Grow with Grunder: When you lose a key team member

September 25, 2019 -  By

At some point, all business owners need to learn how to deal with the loss of a key team member. Photo:

There are few guarantees in business, but at least one thing is for certain: At one time or another you will lose a key team member — whether it’s to another company or industry, to retirement or another life change, or to firing — and how you prepare for this and respond to it can make all the difference. 

In other words, have a plan. Here are four steps to getting there: 

Standardize your work. When you establish clear steps for performing each task that a job requires and train your team to follow them, you not only help ensure the quality of your work — you also create a system and a company that can sustain itself when you lose or add team members. 

At Grunder Landscaping Co., we teach all of our crews to complete tasks in the same way, whether it’s how to plant an arborvitae or how to install steps, and we continue to reinforce these procedures through weekly and on-the-job training. We also have detailed forms and checklists for the tasks that need to be done at each site. If we lose a team member, others are already trained to step up and in, and new hires have a far easier time of learning the ropes because most of what they need to know has been documented and standardized. 

Meet with your leadership team and decide how best to proceed. As soon as you learn of a key team member’s upcoming departure, gather your managers together and agree on how you will proceed. Is there a good candidate already on your team whom you can promote into the soon-to-be vacant position? Or do you need to start your search outside the company? Do you need to rethink the position entirely? What jobs will be immediately impacted, and who will cover them in the short term? Identify next steps, assign them, and establish deadlines.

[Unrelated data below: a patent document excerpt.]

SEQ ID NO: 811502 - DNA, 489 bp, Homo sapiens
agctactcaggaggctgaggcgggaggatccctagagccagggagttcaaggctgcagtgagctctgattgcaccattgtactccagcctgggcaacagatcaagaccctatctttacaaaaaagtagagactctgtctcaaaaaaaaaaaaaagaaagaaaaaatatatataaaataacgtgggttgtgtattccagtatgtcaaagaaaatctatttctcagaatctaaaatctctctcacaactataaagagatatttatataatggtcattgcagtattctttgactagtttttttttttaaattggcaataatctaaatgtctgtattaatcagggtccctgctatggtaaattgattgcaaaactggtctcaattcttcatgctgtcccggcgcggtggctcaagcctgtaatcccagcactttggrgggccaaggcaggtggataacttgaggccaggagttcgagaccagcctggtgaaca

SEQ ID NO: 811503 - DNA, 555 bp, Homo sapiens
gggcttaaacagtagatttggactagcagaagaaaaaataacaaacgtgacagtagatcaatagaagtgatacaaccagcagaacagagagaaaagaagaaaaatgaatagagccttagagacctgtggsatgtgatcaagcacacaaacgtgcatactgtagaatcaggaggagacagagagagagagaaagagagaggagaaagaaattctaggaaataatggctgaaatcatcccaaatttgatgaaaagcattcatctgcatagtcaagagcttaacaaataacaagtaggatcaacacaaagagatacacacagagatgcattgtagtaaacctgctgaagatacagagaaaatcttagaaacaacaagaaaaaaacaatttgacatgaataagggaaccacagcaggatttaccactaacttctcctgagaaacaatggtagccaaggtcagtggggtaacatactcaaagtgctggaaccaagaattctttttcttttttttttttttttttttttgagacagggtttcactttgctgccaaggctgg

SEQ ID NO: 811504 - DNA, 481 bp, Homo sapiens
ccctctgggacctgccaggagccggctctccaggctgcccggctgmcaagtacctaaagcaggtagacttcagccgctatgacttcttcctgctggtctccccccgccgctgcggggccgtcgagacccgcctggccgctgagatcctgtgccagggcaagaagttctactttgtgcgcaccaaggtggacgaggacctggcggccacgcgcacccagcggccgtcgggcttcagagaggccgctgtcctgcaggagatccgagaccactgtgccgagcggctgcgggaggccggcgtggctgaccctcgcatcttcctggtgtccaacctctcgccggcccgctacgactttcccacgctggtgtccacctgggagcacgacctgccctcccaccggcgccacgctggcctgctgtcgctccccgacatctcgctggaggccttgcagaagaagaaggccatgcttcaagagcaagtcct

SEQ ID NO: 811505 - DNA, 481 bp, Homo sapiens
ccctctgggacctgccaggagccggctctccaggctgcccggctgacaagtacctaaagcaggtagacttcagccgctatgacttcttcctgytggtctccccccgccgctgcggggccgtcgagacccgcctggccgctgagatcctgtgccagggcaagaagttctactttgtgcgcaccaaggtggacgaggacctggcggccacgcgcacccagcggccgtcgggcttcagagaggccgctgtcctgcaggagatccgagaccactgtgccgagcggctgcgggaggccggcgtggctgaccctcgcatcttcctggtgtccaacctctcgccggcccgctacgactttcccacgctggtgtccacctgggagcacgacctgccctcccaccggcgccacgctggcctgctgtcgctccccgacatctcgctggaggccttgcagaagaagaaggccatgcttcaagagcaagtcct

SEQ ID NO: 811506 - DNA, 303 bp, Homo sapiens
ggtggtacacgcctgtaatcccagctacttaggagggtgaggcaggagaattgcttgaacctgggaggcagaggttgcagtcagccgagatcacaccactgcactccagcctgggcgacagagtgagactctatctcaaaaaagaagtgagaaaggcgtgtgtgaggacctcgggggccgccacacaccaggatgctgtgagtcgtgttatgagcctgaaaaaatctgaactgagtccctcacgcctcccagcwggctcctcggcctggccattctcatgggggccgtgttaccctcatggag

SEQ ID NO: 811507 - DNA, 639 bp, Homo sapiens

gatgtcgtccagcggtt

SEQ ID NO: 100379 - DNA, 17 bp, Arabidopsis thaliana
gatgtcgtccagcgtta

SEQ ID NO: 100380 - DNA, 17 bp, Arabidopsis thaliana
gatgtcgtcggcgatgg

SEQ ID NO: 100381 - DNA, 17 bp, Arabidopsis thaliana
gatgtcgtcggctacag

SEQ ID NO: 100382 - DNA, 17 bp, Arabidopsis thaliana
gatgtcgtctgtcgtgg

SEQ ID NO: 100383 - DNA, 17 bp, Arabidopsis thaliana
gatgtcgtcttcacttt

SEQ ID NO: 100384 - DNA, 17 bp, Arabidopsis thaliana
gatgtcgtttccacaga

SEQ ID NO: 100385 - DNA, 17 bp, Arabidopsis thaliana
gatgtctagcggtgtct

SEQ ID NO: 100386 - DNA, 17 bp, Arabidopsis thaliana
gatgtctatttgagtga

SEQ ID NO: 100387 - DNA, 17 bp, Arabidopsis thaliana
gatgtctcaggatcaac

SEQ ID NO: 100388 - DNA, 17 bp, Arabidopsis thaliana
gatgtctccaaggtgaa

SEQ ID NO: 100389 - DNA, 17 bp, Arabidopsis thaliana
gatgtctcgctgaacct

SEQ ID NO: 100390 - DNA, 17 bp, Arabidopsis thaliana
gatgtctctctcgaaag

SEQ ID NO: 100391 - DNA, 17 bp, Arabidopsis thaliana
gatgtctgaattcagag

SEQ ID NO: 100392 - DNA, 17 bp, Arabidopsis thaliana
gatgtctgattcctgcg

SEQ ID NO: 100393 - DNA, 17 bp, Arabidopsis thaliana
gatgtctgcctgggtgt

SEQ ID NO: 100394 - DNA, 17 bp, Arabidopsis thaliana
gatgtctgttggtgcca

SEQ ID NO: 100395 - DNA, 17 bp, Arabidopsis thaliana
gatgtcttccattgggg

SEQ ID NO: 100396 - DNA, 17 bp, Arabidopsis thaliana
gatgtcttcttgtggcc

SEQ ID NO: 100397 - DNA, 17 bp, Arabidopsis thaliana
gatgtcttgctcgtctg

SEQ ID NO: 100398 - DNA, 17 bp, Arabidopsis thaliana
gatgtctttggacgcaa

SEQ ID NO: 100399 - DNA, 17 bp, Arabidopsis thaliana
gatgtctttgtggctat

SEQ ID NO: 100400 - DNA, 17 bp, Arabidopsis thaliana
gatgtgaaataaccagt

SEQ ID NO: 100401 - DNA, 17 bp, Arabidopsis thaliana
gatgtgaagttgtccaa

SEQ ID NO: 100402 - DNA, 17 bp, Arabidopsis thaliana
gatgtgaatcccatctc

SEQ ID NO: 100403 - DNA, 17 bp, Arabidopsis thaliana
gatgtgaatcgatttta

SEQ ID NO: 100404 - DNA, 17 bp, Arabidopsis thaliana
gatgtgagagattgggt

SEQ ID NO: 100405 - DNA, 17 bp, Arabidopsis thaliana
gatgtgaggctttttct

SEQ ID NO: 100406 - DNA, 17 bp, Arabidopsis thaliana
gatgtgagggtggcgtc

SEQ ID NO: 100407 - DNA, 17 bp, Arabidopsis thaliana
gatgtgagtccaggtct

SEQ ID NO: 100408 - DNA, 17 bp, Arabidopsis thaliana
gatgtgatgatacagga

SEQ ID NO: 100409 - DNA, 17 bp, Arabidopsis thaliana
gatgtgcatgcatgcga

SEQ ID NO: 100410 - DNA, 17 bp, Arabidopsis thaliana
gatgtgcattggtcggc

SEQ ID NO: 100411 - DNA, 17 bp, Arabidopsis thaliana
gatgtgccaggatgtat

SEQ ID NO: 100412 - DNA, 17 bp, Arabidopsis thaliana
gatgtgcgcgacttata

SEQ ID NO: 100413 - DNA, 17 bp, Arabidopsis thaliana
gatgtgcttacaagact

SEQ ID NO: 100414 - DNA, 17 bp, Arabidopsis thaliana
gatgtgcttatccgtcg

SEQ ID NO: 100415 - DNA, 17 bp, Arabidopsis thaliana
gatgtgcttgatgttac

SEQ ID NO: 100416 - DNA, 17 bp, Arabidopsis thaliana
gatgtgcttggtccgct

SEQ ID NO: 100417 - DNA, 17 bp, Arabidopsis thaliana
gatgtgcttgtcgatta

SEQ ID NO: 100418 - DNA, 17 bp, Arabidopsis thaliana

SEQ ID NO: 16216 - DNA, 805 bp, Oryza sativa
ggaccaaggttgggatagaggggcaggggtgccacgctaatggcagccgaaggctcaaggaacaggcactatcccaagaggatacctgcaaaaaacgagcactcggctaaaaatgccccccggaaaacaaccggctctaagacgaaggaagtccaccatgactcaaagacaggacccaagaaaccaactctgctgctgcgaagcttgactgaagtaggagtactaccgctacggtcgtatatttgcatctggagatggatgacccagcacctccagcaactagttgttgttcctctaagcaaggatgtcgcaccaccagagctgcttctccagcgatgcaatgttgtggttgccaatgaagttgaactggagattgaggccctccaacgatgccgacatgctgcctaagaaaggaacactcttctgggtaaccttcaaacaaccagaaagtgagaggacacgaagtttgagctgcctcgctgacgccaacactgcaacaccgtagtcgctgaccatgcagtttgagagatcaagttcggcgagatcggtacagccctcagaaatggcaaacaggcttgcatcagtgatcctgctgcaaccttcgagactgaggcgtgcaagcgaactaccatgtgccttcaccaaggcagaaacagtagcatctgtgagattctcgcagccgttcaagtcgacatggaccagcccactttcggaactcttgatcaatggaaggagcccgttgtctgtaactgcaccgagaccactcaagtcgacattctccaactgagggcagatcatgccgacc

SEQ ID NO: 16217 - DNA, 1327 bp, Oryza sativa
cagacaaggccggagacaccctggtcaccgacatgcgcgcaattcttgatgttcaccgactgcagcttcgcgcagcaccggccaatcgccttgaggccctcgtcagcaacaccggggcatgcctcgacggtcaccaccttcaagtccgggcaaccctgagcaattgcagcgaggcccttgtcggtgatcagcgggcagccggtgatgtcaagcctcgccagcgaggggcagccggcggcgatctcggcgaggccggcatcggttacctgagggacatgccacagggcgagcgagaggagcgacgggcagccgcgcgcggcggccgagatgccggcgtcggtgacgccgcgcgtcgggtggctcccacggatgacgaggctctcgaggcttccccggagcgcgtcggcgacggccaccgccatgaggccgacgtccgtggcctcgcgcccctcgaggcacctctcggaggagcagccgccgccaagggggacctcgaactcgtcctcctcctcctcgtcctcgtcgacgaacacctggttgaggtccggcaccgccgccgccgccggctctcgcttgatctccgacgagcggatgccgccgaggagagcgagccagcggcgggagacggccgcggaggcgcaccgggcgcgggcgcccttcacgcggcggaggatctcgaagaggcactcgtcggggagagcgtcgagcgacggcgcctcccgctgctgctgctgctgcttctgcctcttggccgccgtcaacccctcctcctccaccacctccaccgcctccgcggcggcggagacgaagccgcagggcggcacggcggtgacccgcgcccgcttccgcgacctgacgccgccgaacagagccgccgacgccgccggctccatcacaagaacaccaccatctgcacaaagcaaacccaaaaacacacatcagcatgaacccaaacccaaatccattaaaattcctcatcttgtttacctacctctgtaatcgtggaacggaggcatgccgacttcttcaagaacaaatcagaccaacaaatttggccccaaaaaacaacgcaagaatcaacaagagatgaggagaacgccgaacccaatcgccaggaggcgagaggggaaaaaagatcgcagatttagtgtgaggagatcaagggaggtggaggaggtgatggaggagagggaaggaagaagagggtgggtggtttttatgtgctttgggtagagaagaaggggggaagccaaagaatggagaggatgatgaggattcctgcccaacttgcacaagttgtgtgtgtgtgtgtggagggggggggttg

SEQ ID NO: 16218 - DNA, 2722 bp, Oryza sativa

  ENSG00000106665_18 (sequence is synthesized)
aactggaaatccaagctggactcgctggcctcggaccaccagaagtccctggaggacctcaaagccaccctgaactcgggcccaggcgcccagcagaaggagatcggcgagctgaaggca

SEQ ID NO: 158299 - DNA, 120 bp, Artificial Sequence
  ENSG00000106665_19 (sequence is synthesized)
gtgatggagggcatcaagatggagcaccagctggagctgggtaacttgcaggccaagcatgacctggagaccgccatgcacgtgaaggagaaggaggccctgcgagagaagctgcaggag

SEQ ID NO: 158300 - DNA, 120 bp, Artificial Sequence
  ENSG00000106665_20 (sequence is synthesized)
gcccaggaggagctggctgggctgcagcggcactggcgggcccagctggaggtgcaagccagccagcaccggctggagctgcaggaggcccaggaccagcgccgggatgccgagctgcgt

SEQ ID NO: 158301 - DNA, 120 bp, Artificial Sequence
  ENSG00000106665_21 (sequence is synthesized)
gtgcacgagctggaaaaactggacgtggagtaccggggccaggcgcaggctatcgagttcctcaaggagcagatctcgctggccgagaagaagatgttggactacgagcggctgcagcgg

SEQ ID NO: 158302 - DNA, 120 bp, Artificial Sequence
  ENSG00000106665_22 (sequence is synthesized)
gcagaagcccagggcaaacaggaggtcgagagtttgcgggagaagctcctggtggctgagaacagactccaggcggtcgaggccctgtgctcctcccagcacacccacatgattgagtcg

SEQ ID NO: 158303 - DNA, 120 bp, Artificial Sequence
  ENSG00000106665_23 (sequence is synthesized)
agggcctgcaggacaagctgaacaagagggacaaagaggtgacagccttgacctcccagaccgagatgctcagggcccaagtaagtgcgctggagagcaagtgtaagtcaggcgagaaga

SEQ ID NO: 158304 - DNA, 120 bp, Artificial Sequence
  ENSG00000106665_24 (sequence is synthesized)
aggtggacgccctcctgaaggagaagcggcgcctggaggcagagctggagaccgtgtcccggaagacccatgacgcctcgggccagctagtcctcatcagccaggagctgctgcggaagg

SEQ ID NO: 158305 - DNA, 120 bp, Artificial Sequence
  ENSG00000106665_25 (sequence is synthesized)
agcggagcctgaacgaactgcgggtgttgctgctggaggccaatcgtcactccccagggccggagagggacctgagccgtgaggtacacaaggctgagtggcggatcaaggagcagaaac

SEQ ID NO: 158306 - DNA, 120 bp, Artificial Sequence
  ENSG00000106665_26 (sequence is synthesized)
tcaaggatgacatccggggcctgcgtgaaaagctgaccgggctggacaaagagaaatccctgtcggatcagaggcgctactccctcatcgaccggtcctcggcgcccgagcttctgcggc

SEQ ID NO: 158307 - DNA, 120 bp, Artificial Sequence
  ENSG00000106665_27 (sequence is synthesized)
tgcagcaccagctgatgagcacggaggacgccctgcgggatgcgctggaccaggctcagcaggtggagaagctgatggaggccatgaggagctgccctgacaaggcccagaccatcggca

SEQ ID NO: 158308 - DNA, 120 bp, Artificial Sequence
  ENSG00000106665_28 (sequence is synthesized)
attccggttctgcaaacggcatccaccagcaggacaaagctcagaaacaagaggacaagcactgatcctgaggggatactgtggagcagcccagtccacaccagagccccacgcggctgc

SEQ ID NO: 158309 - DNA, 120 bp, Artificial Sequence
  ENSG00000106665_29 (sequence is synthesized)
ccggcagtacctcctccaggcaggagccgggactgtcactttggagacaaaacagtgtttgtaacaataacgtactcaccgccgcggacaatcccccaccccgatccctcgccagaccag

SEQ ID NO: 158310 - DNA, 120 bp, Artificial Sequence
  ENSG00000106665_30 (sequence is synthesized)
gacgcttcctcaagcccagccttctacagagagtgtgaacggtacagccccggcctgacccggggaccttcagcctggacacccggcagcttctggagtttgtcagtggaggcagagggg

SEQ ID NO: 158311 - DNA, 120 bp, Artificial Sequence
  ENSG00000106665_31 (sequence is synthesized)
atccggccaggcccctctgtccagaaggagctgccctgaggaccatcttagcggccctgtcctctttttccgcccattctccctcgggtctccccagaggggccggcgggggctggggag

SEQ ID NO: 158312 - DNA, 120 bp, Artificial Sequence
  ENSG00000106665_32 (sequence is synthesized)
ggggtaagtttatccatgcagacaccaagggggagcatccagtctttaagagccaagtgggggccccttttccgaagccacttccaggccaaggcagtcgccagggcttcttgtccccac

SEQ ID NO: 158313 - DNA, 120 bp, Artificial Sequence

Communicate. Start with your team; let them know who is leaving and when, and what the plan is going forward. If you fired an employee, you can let your team know why, but try to avoid bad-mouthing the person. You want to head off the rumors that spread when people are kept in the dark, while at the same time keeping morale up and getting your team focused on the future. 

If the person leaving interacted regularly with clients and/or vendors, let them know of their departure too. At Grunder Landscaping, we have an e-mail template we use that informs our clients and vendors when an employee leaves our company, assures them they will see no change in service or quality, and encourages them to call us if they have any questions or concerns. 

Support your team. Even with the best of plans, transitions can be challenging, and some team members may see their workloads increase in the short term. Whether you’re an owner, a leader or a peer to them, step up and lend a hand wherever you can. Offer to take on some of their work so they can focus on more pressing issues, buy them lunch or just show up with their favorite snack. Let them know they’re appreciated, and that you’re there to help. 

It’s not easy to lose a key employee, but with the right kind of planning, it can be an opportunity for you to grow as a team and a company. 

Have a great week! 

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Marty Grunder

About the Author:

Marty Grunder is president and CEO of Grunder Landscaping Co. and The Grow Group, based in Dayton, Ohio.

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